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Volume 40, Number 2 (2015)

Good Enough, Bad Enough, Animal, Monster: Mothers in Alice Munro’s The Love of a Good Woman

May 11, 2016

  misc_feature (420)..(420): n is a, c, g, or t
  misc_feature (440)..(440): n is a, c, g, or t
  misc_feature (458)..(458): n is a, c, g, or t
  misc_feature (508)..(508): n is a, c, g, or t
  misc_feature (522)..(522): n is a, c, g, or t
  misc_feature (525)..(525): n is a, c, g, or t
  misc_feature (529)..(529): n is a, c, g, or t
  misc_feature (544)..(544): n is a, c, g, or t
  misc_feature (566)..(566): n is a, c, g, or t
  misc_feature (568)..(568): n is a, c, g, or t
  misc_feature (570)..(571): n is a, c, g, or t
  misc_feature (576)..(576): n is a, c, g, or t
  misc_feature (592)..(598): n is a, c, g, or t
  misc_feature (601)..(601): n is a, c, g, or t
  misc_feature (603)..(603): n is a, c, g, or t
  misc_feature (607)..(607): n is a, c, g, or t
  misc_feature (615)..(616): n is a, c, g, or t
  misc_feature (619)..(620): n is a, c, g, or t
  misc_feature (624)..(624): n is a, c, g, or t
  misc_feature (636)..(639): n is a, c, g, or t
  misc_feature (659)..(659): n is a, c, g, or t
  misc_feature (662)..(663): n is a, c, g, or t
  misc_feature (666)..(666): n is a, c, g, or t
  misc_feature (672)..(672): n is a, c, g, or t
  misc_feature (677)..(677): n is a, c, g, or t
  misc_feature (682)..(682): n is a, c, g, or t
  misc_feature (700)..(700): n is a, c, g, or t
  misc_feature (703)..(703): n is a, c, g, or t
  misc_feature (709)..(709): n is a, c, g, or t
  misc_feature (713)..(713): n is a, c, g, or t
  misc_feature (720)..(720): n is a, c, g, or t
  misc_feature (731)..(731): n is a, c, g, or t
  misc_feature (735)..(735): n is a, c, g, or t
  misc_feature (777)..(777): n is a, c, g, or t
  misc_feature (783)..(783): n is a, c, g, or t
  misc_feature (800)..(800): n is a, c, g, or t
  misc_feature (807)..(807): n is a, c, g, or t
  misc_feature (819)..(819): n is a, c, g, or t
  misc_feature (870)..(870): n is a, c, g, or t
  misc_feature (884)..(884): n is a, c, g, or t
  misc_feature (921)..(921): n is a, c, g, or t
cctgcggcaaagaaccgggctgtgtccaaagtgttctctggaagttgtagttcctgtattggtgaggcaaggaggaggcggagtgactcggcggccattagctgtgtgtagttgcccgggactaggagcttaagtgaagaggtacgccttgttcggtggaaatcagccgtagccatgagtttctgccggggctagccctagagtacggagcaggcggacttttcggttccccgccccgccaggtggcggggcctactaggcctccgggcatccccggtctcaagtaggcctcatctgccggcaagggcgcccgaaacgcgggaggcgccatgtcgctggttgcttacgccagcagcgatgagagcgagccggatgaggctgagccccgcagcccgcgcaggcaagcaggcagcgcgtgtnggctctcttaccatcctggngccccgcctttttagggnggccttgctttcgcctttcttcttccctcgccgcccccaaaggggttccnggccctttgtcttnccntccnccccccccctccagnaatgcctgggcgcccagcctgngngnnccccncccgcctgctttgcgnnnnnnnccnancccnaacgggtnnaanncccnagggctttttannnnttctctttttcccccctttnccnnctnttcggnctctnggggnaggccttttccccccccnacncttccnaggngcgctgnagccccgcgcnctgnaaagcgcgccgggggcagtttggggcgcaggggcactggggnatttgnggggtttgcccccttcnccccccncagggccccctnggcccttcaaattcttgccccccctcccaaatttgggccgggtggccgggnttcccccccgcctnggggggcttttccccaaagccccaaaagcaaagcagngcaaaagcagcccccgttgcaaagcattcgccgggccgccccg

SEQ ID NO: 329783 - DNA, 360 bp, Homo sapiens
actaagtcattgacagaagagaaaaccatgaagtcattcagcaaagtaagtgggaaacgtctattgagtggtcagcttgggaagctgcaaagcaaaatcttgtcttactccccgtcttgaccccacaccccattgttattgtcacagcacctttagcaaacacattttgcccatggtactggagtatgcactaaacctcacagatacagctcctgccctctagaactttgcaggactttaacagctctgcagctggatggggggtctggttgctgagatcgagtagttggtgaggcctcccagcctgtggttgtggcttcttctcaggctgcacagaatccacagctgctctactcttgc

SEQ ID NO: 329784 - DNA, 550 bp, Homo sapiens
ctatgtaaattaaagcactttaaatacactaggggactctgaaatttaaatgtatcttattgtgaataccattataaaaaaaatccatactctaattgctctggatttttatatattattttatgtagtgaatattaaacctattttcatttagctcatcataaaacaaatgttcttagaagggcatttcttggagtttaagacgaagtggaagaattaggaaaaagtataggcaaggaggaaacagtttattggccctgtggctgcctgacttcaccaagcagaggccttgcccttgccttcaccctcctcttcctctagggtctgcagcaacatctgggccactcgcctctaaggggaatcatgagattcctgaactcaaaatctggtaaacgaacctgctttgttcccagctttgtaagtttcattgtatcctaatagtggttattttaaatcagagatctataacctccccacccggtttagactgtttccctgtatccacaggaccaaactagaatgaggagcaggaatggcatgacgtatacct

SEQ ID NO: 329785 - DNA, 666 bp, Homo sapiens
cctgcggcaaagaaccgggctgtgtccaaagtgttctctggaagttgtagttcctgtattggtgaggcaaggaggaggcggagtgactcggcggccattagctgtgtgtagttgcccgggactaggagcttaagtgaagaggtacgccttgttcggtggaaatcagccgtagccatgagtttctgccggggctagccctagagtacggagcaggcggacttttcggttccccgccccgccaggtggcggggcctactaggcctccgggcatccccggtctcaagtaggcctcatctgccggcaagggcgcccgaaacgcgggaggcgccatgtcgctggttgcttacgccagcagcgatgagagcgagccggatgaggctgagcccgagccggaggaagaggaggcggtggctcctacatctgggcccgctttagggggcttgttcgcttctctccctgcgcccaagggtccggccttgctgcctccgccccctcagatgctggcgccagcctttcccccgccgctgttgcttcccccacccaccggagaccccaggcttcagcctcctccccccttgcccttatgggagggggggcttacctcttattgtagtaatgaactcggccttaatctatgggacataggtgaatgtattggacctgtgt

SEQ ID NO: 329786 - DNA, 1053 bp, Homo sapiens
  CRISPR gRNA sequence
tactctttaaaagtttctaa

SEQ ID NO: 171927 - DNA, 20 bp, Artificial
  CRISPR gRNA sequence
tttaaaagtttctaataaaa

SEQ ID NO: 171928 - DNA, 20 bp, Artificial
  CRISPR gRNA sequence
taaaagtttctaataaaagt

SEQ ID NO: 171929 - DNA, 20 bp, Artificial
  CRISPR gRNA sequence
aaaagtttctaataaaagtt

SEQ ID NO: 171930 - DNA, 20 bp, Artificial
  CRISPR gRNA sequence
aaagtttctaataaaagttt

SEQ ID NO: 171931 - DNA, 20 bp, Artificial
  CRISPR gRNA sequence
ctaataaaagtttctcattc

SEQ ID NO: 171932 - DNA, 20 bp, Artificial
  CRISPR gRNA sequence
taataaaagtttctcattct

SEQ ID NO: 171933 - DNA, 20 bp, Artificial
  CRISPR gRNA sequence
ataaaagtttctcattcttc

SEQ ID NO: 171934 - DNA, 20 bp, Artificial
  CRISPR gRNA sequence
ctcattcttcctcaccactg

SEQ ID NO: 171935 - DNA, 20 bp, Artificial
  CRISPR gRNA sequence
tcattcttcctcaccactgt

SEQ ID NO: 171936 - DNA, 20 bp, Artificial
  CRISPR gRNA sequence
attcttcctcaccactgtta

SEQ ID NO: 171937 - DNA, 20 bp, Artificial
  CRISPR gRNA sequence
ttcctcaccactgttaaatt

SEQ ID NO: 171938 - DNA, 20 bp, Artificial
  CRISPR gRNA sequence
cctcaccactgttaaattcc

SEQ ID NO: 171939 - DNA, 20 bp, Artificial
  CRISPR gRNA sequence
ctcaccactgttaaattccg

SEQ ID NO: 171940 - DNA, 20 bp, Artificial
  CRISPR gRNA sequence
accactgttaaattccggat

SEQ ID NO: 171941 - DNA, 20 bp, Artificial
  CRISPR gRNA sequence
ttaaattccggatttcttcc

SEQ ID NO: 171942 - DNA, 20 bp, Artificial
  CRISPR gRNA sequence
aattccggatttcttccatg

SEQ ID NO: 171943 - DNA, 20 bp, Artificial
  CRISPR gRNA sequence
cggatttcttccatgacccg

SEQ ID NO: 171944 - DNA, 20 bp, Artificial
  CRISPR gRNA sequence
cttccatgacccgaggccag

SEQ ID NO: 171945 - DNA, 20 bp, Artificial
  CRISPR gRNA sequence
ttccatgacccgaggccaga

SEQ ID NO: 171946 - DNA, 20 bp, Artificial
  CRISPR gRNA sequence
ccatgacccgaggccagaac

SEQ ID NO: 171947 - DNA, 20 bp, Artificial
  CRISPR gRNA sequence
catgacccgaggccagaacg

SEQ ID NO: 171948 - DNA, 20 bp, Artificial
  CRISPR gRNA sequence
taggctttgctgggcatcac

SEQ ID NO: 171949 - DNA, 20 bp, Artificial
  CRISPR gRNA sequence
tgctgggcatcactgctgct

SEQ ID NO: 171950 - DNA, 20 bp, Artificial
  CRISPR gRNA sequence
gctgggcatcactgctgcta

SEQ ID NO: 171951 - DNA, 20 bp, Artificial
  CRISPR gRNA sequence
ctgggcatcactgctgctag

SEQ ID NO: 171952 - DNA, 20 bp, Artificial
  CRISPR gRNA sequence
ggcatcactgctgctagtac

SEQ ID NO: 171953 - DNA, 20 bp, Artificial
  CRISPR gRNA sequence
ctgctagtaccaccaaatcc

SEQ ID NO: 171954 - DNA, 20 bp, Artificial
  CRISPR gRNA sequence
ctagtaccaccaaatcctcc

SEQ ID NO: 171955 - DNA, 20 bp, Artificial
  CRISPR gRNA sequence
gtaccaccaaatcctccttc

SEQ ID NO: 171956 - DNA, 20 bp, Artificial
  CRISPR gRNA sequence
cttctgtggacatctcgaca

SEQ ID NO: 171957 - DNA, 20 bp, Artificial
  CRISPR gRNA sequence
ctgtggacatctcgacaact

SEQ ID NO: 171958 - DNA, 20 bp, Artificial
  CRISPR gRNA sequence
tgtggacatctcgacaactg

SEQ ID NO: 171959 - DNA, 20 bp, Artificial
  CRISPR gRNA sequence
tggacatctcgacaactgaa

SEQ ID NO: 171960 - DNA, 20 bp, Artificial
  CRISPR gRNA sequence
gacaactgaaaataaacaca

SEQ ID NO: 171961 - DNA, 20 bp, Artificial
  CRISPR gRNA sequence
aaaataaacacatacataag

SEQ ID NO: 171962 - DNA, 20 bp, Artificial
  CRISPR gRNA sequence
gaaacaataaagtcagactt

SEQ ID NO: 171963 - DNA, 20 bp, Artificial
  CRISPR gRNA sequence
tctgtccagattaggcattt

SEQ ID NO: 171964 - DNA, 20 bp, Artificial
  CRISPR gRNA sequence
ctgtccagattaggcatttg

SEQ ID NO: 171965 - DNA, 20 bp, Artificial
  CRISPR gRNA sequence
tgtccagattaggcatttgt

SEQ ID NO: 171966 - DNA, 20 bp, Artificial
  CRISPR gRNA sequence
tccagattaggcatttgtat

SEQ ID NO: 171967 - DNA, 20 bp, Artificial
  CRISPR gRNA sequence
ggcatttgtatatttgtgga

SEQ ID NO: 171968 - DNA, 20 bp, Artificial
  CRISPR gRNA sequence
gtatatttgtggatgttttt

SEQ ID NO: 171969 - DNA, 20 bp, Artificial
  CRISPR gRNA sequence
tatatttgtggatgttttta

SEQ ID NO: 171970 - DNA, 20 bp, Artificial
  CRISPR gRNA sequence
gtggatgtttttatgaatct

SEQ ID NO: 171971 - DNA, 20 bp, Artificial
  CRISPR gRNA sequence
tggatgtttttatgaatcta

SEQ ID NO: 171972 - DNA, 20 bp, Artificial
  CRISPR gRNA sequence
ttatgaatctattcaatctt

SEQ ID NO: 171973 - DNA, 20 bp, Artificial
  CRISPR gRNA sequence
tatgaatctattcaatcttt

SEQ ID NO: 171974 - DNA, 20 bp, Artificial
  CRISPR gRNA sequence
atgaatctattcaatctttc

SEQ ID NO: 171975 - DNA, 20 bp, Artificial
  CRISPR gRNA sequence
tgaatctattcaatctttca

This essay considers the dark ambivalence of the monstrous mother in Alice Munro’s work, in particular in her 1998 collection, The Love of a Good Woman.  In these eight stories — set from the 1940s through the 1970s — we encounter sickly mothers, stepmothers, mothers who abandon their children by leaving their husbands, and aunts who try to wrest a mother’s duties from her. Whereas we see such monsters everywhere in Munro’s many books, in this collection especially Munro suggests that mothers — in their particular intimate experience of the monstrosity of birth and how it introduces death into the world — cannot help embodying monstrosity, nor should they be condemned for trying to escape it.  Employing theories of the good-enough mother by psychoanalyst D.W. Winnicott, and Munro’s depiction of various functions of motherhood, including breastfeeding, this essay considers various monstrous maternal figures in The Love of a Good Woman and Munro’s emphasis therein on the inevitable space between being human and being animal that being a mother forces a woman to inhabit, along with the sometimes monstrous consequences of that role.